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10 Responses to Thanks – you can have your city back now

  1. Maugrim says:

    The other day Pok Fu Lam Rd city bound was at a crawl. One lane had been closed just north of the Belcher’s with a road block set up. I got a particularly beady eyed response from the officer on duty as I drove past. Further on down the road the access road to HKU had a police checkpoint as did the nearest pedestrian entrance. Interesting, given that there are often police roadblocks on Pok Fu Lam Rd for speeding, breath testing or looking for illegal immigrants, normally not getting anyhting more than a bored glance. Hemlock is right, this did seem different.

  2. Probably says:

    The truth must be known. Giving out favours to all is his name really pronounced Li KER-CHING!! Has he hit the jackpot?

  3. Stephen says:

    We go to extraordinary lengths in the Big Lychee to insulate unelected CCP cadres from any possibility of hearing anything they might find challenging – Tiananmen massacre, Tibet etc (it’s a long list). Then HK’s good and mighty (usual suspects) prostrate themselves and fawn for the length of their stay.

    Pigs in the trough – They are a ckufing embarrassment.

  4. darovia says:

    Maugrim – Perhaps because you weren’t wearing a tie.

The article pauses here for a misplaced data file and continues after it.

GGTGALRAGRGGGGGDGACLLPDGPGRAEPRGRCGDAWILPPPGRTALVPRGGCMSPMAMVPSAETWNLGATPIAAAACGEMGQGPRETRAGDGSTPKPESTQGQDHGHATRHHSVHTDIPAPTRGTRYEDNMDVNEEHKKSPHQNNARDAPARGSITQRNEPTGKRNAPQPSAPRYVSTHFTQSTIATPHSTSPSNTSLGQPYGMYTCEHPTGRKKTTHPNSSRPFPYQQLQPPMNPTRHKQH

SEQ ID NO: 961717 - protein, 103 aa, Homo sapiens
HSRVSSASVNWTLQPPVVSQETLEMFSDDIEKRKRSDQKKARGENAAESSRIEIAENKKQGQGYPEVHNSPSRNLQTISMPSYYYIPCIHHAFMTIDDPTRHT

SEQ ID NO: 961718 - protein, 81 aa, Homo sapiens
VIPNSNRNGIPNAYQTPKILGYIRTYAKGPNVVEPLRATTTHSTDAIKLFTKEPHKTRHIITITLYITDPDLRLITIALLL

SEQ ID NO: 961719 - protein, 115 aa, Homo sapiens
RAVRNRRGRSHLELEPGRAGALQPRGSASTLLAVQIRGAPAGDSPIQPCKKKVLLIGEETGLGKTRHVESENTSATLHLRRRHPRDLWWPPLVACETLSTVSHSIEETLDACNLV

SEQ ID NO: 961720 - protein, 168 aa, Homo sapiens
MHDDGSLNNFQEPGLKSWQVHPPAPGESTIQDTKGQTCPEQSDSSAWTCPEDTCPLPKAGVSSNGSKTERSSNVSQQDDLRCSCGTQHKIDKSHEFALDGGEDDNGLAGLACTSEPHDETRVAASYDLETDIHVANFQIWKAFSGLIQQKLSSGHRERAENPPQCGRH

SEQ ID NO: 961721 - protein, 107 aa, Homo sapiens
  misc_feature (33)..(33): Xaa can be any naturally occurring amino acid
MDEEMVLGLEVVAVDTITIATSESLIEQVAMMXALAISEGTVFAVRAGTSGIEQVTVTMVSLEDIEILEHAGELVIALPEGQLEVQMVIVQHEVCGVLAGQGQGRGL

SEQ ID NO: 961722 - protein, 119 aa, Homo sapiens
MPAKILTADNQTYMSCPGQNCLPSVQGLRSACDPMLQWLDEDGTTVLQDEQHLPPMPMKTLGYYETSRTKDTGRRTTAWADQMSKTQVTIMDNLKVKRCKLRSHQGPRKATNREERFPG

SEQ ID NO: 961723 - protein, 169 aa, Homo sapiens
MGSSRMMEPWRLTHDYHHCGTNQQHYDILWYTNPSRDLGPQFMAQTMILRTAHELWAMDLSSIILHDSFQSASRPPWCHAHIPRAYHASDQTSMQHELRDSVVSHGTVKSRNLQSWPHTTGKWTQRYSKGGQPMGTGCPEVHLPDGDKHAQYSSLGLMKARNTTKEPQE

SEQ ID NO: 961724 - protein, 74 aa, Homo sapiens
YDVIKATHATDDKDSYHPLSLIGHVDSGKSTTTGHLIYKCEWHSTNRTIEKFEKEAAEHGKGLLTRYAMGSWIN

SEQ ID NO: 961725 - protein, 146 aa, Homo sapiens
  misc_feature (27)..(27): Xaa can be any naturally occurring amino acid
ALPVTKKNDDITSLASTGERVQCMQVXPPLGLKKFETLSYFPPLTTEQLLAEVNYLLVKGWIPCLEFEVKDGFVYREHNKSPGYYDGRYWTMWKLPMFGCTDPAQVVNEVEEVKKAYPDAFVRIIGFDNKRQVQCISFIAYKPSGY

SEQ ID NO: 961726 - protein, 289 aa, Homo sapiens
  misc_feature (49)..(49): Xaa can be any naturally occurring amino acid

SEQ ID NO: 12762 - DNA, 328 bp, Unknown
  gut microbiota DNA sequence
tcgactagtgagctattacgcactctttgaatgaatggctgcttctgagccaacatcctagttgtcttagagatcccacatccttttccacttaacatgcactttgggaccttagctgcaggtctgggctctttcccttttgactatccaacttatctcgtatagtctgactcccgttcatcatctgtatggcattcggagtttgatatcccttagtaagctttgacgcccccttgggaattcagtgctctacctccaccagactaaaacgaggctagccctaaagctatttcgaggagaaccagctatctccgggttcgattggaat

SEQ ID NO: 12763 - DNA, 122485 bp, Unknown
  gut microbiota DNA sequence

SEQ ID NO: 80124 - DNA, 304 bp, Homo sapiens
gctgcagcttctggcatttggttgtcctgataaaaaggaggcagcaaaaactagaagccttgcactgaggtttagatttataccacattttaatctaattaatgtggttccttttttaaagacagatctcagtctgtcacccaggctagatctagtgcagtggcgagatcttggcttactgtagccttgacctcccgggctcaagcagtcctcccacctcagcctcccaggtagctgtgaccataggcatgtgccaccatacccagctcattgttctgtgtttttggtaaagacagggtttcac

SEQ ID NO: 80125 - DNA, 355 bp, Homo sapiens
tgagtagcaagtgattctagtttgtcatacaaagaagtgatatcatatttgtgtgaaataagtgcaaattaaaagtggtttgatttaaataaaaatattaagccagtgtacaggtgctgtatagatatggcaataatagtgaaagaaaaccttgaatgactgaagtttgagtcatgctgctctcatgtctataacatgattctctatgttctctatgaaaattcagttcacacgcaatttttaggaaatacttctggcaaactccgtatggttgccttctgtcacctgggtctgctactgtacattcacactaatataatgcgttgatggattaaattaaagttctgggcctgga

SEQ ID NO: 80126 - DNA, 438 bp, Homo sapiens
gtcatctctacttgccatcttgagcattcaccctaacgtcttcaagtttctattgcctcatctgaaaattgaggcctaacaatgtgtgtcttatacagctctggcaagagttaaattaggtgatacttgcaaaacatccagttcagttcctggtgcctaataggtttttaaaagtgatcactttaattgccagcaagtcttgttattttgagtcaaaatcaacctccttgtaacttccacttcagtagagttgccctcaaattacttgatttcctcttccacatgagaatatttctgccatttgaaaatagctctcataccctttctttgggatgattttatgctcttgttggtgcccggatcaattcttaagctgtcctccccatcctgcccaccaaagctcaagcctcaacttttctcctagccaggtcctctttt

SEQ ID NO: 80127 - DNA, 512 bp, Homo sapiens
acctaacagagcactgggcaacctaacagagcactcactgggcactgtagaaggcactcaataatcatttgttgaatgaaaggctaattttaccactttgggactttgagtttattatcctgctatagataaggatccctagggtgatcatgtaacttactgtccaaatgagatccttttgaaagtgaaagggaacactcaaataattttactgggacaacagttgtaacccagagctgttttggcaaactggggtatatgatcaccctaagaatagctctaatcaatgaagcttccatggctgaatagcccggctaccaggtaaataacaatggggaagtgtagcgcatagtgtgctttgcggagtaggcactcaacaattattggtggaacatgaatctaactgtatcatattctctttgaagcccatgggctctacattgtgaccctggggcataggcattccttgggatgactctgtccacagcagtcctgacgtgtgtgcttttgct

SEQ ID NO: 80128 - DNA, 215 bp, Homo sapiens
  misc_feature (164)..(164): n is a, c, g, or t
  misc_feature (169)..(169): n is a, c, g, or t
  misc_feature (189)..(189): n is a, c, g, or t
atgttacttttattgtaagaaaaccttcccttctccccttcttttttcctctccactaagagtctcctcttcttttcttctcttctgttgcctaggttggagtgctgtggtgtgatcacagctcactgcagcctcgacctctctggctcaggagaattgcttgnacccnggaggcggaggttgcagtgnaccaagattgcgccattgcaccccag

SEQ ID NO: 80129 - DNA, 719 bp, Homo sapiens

5. Maugrim says:

    darovia, you are right, I wasn’t wearing one.

  6. Claw says:

    This is due to a deliberate misreading of the UN conventions on diplomatic persons under which host states are required to protect the dignity of visiting International Protected Persons. The HK Govt insist on treating high ranking CPG officials as IPP’s (when they cannot be as they are on Chinese sovereign territory and are therefore not visiting foreign dignitaries) and so justify the protection of their dignity.

  7. chopped onions says:

    Can I comment today?

  8. Bigot says:

    Heard a Chinese broadcast this morning that the importance and hence worth of Hillary, being US Sec of States, should be at least 10-time that of the jazz-jeans visitor. It went on questioning why there had been no such unnecessary traffic jam during the former First Lady’s visit. What were the police thinking?

  9. Real Tax Payer says:

    How strange :

    I was off sick these past 3 days and not paying attention to any daily news, not even logging into this blog

    The whole Li Ki Qiang caboodle just passed me by as if nothing ever happened

    Life goes on, and we are still ripped off every by the likes of Li Ka Shing, Li Shau Kay et al ( why are they all called “LI” ? )

    As I approach retirement in a year or two, I wonder what the world will say about me after I am “gone”

    Well, I have a much cleaner conscience than many infamous names which have appeared in the press ( and there, by virtue on this website)

  10. Real Tax Payer says:

    OH SH1T

    Worst news today from SCMP on line (MONDAY )

    New business-related group in legco in the “interesty of stabilty”

    Does no-one ever read the increasing news – and leaders – about rising ANGER in HK?

    I, for one, am VERY ANGRY